MJ: What conversations do the industry need to have in order to address issues of sustainable journalism and how can young journalists be aware of these issues in their own work?

Danielle: The main issues are intertwined: more and more journalists –by choice or force- become freelancers. At the same time, media budgets shrink and audiences become less and less accustomed to paying for content. That means that, like media organisations, independent journalists need to work out where the next pay model is going to come from. There are opportunities everywhere, particularly with new digital technologies, with varying degrees of success. The trick for all journalists –young and more established- is to become as flexible as possible, and adapt their skill set in line with the technological changes that will continue to shape the media field in years to come.

MJ: How has the Mundus Journalism programme prepared you for your current role?

Danielle: Before I embarked on the Mundus Journalism Master programme, I had already worked as a journalist in the Netherlands and in Southern Africa for several years. Being in a class with experienced journalists from some 25 different countries expanded my knowledge of the media industry in different parts of the world. And it has of course led to a great network of journalist contacts. Since Mundus, I have worked with several of my former classmates on stories, from Nairobi to London, and even commissioned work to some of them as editor of an international media organisation. In terms of practical knowledge the programme did not really prepare me for my current role as an independent journalist, particularly in this changing media landscape. My specialism war and conflict reporting, however, did help to shape my views on how to cover sensitive issues of different kinds.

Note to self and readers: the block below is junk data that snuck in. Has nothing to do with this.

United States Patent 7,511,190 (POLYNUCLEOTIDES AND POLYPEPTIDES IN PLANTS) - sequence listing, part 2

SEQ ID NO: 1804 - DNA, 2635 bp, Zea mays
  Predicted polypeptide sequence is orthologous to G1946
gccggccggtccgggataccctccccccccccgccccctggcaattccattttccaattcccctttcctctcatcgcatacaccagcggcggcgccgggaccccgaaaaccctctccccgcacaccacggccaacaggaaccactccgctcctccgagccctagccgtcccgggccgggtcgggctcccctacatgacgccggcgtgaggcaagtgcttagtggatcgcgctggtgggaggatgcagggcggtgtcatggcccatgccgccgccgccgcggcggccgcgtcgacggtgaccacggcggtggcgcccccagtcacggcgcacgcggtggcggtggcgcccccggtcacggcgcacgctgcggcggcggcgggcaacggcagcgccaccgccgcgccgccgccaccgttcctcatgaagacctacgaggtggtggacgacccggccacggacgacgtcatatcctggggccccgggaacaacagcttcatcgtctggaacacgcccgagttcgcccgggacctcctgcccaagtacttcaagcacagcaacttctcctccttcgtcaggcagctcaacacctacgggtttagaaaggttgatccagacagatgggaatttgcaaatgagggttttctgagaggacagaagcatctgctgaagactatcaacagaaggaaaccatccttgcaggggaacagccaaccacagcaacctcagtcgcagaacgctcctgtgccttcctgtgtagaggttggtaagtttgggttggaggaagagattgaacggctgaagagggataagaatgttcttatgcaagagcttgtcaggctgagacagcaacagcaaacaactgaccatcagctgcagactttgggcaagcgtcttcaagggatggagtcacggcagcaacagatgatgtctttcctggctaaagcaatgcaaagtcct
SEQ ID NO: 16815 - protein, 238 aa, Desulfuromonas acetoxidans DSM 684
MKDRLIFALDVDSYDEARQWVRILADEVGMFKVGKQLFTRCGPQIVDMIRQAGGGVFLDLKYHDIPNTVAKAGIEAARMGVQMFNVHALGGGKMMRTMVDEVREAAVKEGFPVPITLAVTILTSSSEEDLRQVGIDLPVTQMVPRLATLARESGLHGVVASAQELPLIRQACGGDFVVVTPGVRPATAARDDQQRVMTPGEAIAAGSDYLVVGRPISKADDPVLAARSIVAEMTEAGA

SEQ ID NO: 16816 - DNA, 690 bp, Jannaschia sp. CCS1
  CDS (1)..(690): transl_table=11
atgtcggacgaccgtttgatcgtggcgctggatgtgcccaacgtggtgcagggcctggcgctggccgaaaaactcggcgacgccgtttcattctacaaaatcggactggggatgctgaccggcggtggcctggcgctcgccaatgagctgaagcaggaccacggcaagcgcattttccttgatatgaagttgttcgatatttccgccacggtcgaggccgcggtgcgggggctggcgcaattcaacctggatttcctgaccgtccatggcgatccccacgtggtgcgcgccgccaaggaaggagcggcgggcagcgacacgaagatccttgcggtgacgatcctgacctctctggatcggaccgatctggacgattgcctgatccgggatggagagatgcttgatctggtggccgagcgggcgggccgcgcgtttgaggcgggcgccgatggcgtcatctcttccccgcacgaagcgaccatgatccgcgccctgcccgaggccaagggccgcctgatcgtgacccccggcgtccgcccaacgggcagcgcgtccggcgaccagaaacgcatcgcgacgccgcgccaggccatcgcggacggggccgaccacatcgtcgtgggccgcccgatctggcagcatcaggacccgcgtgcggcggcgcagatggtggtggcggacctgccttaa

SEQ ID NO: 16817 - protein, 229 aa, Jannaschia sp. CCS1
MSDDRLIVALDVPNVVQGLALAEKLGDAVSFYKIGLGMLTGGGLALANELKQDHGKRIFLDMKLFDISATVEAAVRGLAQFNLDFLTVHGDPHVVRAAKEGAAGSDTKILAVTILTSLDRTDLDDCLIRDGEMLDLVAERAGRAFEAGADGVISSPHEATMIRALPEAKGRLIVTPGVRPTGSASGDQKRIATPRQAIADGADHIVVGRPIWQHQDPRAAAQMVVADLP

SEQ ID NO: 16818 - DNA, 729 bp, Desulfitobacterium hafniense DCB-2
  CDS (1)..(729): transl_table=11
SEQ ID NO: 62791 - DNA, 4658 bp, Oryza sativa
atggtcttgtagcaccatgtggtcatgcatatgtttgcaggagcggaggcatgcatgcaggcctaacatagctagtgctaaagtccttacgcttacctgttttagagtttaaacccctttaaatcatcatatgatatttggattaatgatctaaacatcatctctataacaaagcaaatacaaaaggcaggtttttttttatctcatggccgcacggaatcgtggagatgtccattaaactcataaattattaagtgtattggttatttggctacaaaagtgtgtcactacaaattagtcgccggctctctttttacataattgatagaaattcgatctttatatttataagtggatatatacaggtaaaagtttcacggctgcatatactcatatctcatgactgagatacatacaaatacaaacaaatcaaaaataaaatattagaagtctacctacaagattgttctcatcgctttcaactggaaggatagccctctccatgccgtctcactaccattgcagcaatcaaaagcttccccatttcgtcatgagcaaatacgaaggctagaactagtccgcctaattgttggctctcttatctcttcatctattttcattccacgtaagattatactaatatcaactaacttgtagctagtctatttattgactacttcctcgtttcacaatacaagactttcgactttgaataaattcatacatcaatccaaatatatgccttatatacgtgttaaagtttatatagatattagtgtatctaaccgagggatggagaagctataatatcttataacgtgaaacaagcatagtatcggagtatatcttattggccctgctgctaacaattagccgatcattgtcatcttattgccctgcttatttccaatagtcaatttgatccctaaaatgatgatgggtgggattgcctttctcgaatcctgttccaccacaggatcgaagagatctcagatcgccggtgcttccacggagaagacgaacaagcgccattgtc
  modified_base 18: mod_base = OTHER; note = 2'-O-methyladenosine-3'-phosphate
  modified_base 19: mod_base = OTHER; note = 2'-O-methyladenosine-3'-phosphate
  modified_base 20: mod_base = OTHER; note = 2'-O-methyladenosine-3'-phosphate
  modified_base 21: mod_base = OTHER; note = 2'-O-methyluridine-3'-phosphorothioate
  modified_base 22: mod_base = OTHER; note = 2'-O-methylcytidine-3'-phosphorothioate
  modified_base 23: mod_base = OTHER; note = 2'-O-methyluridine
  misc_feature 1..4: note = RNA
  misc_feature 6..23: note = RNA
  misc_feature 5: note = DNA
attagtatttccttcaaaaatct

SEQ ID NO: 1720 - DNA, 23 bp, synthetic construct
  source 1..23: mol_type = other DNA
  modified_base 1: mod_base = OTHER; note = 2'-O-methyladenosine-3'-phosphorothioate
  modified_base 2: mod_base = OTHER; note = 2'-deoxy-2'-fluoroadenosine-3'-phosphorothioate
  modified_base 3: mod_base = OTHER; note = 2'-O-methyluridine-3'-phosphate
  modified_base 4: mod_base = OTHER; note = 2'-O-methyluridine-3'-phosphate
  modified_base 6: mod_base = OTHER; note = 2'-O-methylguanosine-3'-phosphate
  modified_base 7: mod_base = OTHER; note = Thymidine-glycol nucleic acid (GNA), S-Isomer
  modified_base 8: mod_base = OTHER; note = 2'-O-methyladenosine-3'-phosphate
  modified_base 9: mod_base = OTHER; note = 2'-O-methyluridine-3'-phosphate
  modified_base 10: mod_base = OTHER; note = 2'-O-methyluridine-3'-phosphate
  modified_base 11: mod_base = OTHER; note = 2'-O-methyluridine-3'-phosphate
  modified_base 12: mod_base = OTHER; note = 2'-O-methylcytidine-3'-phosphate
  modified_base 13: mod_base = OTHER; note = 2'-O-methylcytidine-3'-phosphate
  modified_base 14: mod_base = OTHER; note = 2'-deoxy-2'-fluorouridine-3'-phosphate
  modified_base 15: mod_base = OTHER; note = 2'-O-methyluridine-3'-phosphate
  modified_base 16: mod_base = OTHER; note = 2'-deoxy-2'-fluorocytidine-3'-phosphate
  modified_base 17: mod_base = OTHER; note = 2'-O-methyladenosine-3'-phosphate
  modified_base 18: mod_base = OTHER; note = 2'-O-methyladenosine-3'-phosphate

MJ: What advice would you give to Mundus Journalism students who are thinking of specialising in war and conflict reporting at Swansea?

Danielle: You cannot prepare for some of the things you see when out in the field, but that does not mean you should not read up on the social, political and economic background of a place you go to. Thorough research and a solid understanding of the context in which a story plays out is crucial, and yet many foreign reporters –particularly those who parachute in and out- do not have - or take - time to do this. Stay as long as you can, ideally weeks or months rather than days, although this is of course easier done as a freelancer than as a staffer. Ask yourself honestly and openly whether you – as an outsider - are best placed to cover this story. If the answer is no, be brave enough to leave it to a local journalist instead. I think this latter part is still a big taboo within traditional international reporting, but it is one that we should crack. With more and more hugely talented journalists appearing from universities, colleges and newsrooms around the world, traditional media need to take a good look at themselves and wonder if it is really better to have ‘one of their own’ fly in, rather than use a reporter on the ground who will often have a much better grasp of the issues. I understand concerns about ‘knowing the audience’ and style, but that does not necessarily mean it cannot and should not be done.

MJ: What is your ultimate freelancer pro tip?

Danielle: Ultimately, you need to embrace entrepreneurial skills to develop your career. That doesn’t mean you have to sell your soul to the devil and become a commercial PR writer. It does mean that you need to adapt and have an open mind. The next opportunity might not be where you expect it will be. For independent journalists, it is crucial to keep up with new technologies, but also with changing pay models and cultural shifts in relation to media consumption around the world. I think freelancers who take a ‘journopreneurial’ approach to their work have the most chance to succeed in this ever-changing media landscape.